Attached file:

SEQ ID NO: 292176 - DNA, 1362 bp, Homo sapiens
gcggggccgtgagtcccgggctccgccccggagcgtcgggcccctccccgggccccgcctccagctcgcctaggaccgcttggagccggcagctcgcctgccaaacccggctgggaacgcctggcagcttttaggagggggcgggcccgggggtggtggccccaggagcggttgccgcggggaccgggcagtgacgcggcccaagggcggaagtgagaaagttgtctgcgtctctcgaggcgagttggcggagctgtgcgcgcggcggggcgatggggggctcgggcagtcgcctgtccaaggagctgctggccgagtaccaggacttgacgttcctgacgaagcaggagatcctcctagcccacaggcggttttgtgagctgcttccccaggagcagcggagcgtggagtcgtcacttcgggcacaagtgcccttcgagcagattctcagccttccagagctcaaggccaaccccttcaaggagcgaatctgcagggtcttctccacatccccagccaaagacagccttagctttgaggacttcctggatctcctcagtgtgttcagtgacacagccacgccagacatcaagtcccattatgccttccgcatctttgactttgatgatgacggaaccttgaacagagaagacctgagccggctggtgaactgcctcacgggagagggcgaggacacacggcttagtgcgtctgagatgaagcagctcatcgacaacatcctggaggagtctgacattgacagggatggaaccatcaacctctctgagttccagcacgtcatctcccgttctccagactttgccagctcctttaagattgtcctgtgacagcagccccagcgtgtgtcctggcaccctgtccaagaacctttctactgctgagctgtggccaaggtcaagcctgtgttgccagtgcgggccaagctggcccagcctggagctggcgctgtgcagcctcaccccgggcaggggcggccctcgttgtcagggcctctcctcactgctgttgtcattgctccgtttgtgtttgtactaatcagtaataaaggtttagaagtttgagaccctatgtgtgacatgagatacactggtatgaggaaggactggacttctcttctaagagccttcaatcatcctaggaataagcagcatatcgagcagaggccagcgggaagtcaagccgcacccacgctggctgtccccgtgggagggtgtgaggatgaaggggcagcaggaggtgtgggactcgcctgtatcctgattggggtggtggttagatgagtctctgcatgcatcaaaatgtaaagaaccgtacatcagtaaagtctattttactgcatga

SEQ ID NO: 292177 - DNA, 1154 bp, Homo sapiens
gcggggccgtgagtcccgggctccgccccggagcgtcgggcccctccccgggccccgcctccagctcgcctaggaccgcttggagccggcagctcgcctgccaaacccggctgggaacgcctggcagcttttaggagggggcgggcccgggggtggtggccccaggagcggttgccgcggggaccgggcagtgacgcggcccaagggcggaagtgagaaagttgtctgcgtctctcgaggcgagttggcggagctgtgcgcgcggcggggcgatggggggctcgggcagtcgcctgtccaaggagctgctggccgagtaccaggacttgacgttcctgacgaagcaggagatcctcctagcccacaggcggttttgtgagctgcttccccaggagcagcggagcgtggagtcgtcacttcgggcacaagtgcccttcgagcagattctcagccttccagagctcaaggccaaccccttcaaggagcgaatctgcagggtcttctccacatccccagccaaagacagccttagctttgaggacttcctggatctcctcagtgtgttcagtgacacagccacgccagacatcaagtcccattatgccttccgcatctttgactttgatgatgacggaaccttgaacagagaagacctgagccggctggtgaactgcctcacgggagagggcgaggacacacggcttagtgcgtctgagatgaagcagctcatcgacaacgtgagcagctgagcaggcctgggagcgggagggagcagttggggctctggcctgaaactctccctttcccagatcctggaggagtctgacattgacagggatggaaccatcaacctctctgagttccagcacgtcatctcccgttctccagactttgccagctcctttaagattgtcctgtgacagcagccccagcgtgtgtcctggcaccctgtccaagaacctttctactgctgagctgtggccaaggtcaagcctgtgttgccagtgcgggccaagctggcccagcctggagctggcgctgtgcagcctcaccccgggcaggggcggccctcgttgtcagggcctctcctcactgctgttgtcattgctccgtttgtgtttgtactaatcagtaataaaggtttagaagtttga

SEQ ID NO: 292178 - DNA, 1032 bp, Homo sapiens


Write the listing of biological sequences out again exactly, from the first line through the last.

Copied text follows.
SEQ ID NO: 292176 - DNA, 1362 bp, Homo sapiens
gcggggccgtgagtcccgggctccgccccggagcgtcgggcccctccccgggccccgcctccagctcgcctaggaccgcttggagccggcagctcgcctgccaaacccggctgggaacgcctggcagcttttaggagggggcgggcccgggggtggtggccccaggagcggttgccgcggggaccgggcagtgacgcggcccaagggcggaagtgagaaagttgtctgcgtctctcgaggcgagttggcggagctgtgcgcgcggcggggcgatggggggctcgggcagtcgcctgtccaaggagctgctggccgagtaccaggacttgacgttcctgacgaagcaggagatcctcctagcccacaggcggttttgtgagctgcttccccaggagcagcggagcgtggagtcgtcacttcgggcacaagtgcccttcgagcagattctcagccttccagagctcaaggccaaccccttcaaggagcgaatctgcagggtcttctccacatccccagccaaagacagccttagctttgaggacttcctggatctcctcagtgtgttcagtgacacagccacgccagacatcaagtcccattatgccttccgcatctttgactttgatgatgacggaaccttgaacagagaagacctgagccggctggtgaactgcctcacgggagagggcgaggacacacggcttagtgcgtctgagatgaagcagctcatcgacaacatcctggaggagtctgacattgacagggatggaaccatcaacctctctgagttccagcacgtcatctcccgttctccagactttgccagctcctttaagattgtcctgtgacagcagccccagcgtgtgtcctggcaccctgtccaagaacctttctactgctgagctgtggccaaggtcaagcctgtgttgccagtgcgggccaagctggcccagcctggagctggcgctgtgcagcctcaccccgggcaggggcggccctcgttgtcagggcctctcctcactgctgttgtcattgctccgtttgtgtttgtactaatcagtaataaaggtttagaagtttgagaccctatgtgtgacatgagatacactggtatgaggaaggactggacttctcttctaagagccttcaatcatcctaggaataagcagcatatcgagcagaggccagcgggaagtcaagccgcacccacgctggctgtccccgtgggagggtgtgaggatgaaggggcagcaggaggtgtgggactcgcctgtatcctgattggggtggtggttagatgagtctctgcatgcatcaaaatgtaaagaaccgtacatcagtaaagtctattttactgcatga

SEQ ID NO: 292177 - DNA, 1154 bp, Homo sapiens
gcggggccgtgagtcccgggctccgccccggagcgtcgggcccctccccgggccccgcctccagctcgcctaggaccgcttggagccggcagctcgcctgccaaacccggctgggaacgcctggcagcttttaggagggggcgggcccgggggtggtggccccaggagcggttgccgcggggaccgggcagtgacgcggcccaagggcggaagtgagaaagttgtctgcgtctctcgaggcgagttggcggagctgtgcgcgcggcggggcgatggggggctcgggcagtcgcctgtccaaggagctgctggccgagtaccaggacttgacgttcctgacgaagcaggagatcctcctagcccacaggcggttttgtgagctgcttccccaggagcagcggagcgtggagtcgtcacttcgggcacaagtgcccttcgagcagattctcagccttccagagctcaaggccaaccccttcaaggagcgaatctgcagggtcttctccacatccccagccaaagacagccttagctttgaggacttcctggatctcctcagtgtgttcagtgacacagccacgccagacatcaagtcccattatgccttccgcatctttgactttgatgatgacggaaccttgaacagagaagacctgagccggctggtgaactgcctcacgggagagggcgaggacacacggcttagtgcgtctgagatgaagcagctcatcgacaacgtgagcagctgagcaggcctgggagcgggagggagcagttggggctctggcctgaaactctccctttcccagatcctggaggagtctgacattgacagggatggaaccatcaacctctctgagttccagcacgtcatctcccgttctccagactttgccagctcctttaagattgtcctgtgacagcagccccagcgtgtgtcctggcaccctgtccaagaacctttctactgctgagctgtggccaaggtcaagcctgtgttgccagtgcgggccaagctggcccagcctggagctggcgctgtgcagcctcaccccgggcaggggcggccctcgttgtcagggcctctcctcactgctgttgtcattgctccgtttgtgtttgtactaatcagtaataaaggtttagaagtttga

SEQ ID NO: 292178 - DNA, 1032 bp, Homo sapiens